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Modeling Critical Care Regionalization

Amesh A. Adalja, MD, FACP, FACEP, FIDSA, August 21, 2015 

Regionalization of medical care, in which patients with specific high-risk conditions such as stroke, major trauma, acute coronary syndromes, or burns are shunted away from certain medical centers and toward major referral centers (which may be further away), has proven to be an effective means of improving care. This triaging of patients often occurs rapidly and, if possible, during the prehospital EMS phase of treatment. 

However, one condition that has not been regionalized in the modern era is critical illness, though evidence has been mounting that such a system would improve outcomes. In the absence of an existing full-fledged system to study, my colleagues in the Department of Critical Care Medicine at the University of Pittsburgh recently published in Critical Care Medicine a simulation model that attempts to capture the effects of critical care regionalization. 

 

Prehospital Scoring

Seymour et al developed a model based on acute care hospitalizations in 2006 in King County, Washington. The model employed EMS and hospital-level data and incorporated such variables as hospital travel time, need for mechanical ventilation, need for ICU-level care, and need for hemodialysis, as well as a prehospital risk score.

The model developed a regionalization plan by incorporating prehospital risk scores, EMS transport time, and hospital occupancy data. If a patient’s risk score exceeded a certain threshold, the patient was triaged to a referral hospital; if the risk score was below the threshold, the patient was triaged to a nonreferral hospital. Several scenarios were modeled, including those that used up triage, up/down triage, and diminished bed availability.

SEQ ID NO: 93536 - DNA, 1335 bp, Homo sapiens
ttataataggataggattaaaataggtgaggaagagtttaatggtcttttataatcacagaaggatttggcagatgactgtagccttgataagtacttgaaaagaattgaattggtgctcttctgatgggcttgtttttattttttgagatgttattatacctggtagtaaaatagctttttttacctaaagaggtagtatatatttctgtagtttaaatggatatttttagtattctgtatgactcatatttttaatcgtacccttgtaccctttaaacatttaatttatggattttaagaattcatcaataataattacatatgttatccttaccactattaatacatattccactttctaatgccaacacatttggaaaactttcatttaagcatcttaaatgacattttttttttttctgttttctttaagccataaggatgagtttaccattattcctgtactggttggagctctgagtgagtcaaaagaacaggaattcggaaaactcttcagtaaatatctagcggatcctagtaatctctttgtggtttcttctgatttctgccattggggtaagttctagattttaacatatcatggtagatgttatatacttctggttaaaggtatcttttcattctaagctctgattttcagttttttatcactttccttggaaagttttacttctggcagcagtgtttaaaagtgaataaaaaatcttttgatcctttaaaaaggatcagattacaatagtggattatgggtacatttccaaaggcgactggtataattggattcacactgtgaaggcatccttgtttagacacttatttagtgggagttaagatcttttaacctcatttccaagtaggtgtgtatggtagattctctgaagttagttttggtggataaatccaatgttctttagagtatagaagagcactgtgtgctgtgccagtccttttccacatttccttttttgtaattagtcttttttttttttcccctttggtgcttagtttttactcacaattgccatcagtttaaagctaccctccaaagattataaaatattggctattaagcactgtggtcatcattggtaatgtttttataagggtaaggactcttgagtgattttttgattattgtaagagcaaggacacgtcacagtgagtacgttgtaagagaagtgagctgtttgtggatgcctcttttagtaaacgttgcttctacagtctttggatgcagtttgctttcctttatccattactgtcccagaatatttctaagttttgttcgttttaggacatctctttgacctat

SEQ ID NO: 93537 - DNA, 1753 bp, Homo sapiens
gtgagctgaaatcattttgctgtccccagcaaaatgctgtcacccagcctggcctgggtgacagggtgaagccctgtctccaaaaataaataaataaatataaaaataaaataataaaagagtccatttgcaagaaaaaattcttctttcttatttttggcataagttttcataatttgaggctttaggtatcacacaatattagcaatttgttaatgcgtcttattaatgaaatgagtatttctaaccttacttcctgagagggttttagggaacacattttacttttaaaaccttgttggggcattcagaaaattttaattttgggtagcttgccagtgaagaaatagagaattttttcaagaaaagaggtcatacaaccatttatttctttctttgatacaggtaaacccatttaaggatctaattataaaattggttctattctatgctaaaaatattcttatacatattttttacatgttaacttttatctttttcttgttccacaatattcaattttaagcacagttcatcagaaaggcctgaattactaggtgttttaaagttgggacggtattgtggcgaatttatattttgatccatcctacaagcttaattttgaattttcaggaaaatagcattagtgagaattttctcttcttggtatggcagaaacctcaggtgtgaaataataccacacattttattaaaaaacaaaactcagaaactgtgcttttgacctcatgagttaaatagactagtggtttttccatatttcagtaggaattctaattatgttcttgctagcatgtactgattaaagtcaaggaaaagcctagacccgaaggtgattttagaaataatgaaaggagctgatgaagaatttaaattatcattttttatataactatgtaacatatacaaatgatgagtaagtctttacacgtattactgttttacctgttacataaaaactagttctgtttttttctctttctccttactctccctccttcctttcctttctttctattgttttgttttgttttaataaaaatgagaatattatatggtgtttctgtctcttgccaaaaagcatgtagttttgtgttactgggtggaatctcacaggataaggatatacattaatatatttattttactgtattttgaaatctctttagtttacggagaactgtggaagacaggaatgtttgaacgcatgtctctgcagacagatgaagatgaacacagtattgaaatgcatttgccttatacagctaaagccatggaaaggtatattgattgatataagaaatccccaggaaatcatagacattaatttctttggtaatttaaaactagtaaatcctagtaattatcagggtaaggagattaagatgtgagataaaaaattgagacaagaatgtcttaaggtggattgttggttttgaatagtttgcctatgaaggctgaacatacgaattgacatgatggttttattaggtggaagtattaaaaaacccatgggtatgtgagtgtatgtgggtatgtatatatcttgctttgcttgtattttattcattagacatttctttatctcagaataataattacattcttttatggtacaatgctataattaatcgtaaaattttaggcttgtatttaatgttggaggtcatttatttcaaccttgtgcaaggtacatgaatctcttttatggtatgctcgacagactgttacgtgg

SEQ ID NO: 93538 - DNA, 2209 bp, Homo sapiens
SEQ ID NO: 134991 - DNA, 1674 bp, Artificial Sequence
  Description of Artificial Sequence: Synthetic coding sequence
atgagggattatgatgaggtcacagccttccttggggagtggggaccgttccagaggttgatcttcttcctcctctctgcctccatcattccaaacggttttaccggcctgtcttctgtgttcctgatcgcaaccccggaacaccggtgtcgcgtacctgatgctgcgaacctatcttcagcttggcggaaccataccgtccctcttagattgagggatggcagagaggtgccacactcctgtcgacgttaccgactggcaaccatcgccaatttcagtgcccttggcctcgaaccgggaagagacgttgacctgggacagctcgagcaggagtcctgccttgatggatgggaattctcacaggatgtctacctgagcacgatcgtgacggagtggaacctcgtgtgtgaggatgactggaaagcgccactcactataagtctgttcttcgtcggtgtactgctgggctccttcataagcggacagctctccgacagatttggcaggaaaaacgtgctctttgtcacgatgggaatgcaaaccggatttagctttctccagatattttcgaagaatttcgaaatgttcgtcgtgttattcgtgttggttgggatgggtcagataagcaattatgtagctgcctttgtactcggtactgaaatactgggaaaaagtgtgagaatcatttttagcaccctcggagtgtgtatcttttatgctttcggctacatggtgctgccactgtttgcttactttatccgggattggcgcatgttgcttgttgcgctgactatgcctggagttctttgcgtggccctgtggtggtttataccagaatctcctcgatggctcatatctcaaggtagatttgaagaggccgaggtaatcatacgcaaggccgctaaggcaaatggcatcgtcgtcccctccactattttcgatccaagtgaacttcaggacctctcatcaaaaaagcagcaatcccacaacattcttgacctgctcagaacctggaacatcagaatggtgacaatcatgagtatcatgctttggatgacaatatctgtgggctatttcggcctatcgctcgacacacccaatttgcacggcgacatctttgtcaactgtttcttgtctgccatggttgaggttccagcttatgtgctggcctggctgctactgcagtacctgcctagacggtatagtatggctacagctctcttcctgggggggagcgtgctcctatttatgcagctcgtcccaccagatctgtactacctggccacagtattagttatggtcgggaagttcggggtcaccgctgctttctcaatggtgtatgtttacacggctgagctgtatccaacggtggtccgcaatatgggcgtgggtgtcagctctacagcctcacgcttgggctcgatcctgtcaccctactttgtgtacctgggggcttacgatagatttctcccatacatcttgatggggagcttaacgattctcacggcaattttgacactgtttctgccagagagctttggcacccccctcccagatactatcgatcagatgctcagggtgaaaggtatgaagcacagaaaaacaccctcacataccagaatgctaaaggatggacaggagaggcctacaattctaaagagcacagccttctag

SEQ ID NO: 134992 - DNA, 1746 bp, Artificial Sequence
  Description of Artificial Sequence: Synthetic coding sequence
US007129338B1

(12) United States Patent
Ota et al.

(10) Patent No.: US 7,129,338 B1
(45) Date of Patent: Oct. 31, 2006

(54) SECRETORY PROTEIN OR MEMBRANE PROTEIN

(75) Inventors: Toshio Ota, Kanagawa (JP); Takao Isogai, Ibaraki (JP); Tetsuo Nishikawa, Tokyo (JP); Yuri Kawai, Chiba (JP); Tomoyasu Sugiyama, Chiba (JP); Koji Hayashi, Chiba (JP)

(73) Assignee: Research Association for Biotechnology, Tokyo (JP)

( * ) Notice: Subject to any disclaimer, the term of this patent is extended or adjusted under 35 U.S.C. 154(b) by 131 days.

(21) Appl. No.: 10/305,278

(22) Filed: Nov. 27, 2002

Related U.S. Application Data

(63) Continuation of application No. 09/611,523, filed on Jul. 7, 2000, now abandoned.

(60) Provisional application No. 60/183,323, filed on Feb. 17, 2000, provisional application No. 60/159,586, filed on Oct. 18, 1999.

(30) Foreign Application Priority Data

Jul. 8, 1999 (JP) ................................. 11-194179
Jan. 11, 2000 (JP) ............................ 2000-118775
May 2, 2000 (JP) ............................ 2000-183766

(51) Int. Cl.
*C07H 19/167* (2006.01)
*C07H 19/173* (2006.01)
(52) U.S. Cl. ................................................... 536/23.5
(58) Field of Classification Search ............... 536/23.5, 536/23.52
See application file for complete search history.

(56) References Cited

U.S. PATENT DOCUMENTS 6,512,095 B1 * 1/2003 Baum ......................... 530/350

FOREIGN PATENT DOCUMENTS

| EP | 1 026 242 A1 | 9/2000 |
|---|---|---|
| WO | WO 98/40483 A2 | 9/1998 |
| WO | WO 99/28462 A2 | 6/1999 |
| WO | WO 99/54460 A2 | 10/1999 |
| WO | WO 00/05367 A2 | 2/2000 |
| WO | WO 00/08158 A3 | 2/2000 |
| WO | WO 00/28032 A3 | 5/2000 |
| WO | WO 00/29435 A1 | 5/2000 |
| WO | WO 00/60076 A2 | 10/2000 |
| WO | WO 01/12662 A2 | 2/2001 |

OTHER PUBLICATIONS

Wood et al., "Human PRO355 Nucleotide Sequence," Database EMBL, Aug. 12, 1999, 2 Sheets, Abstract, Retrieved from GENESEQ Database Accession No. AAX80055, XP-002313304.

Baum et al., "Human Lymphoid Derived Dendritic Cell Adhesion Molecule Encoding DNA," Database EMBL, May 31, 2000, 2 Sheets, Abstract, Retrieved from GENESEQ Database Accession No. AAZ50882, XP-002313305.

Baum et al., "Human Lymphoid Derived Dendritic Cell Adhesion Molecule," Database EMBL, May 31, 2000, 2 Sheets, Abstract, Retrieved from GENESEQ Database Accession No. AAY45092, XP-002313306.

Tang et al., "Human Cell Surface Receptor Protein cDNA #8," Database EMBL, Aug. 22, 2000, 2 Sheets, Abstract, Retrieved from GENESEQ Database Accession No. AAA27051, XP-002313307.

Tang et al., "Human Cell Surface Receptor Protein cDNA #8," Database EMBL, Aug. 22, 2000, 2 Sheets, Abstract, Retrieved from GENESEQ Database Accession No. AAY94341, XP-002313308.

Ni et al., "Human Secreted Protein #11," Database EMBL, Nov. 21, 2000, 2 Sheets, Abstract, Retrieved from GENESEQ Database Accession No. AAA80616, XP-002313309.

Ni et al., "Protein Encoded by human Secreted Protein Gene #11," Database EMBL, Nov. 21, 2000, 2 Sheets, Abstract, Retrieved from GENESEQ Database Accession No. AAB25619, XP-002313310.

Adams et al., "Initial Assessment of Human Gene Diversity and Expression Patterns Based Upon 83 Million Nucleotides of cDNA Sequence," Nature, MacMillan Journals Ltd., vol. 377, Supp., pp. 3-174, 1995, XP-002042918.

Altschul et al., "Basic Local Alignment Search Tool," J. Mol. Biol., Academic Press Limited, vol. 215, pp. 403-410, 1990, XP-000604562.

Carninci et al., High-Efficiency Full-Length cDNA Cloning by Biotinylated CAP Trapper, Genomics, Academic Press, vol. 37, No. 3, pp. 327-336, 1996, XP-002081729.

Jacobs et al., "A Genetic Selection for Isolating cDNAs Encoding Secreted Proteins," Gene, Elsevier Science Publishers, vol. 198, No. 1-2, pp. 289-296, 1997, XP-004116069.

Model Results

Actual baseline data revealed that of those patients whose prehospital risk scores exceeded threshold, just 29% were transported to referral centers (compared to all of them under the regionalization model). With the model, ICU bed occupancy in referral centers increased from a baseline of 61% to, at most, 74%, based on which regionalization scenario was operative. ICU lengths of stay at both referral and nonreferral hospitals was unchanged from baseline in the model, while more patients requiring mechanical ventilation and hemodialysis were concentrated at referral centers with the regionalization model. With the model, EMS travel times increased by between 2% and 13%, translating to less than 12 minutes of increased travel time in most cases.

 

Pilot Projects Should Occur

Seymour et al’s model has several important implications that should provide a basis for trials of actual pilot projects of critical care regionalization. As evidenced by the results of this model, regionalization does not drastically increase travel times, overburden referral center ICUs, or deplete nonreferral hospitals. On the contrary, by incorporating both up and down triage, patient flow can be optimized.

Regionalization not only holds the potential to improve care during ordinary times; it could prove to be a major asset during emergencies such as an influenza or other infectious disease outbreak in which sophisticated critical care may be essential.

 

References

Seymour CW, Alotaik O, Wallace DJ, et al. County-level effects of pre-hospital regionalization of critical illness. Crit Care Med 2015;43:1807-1815.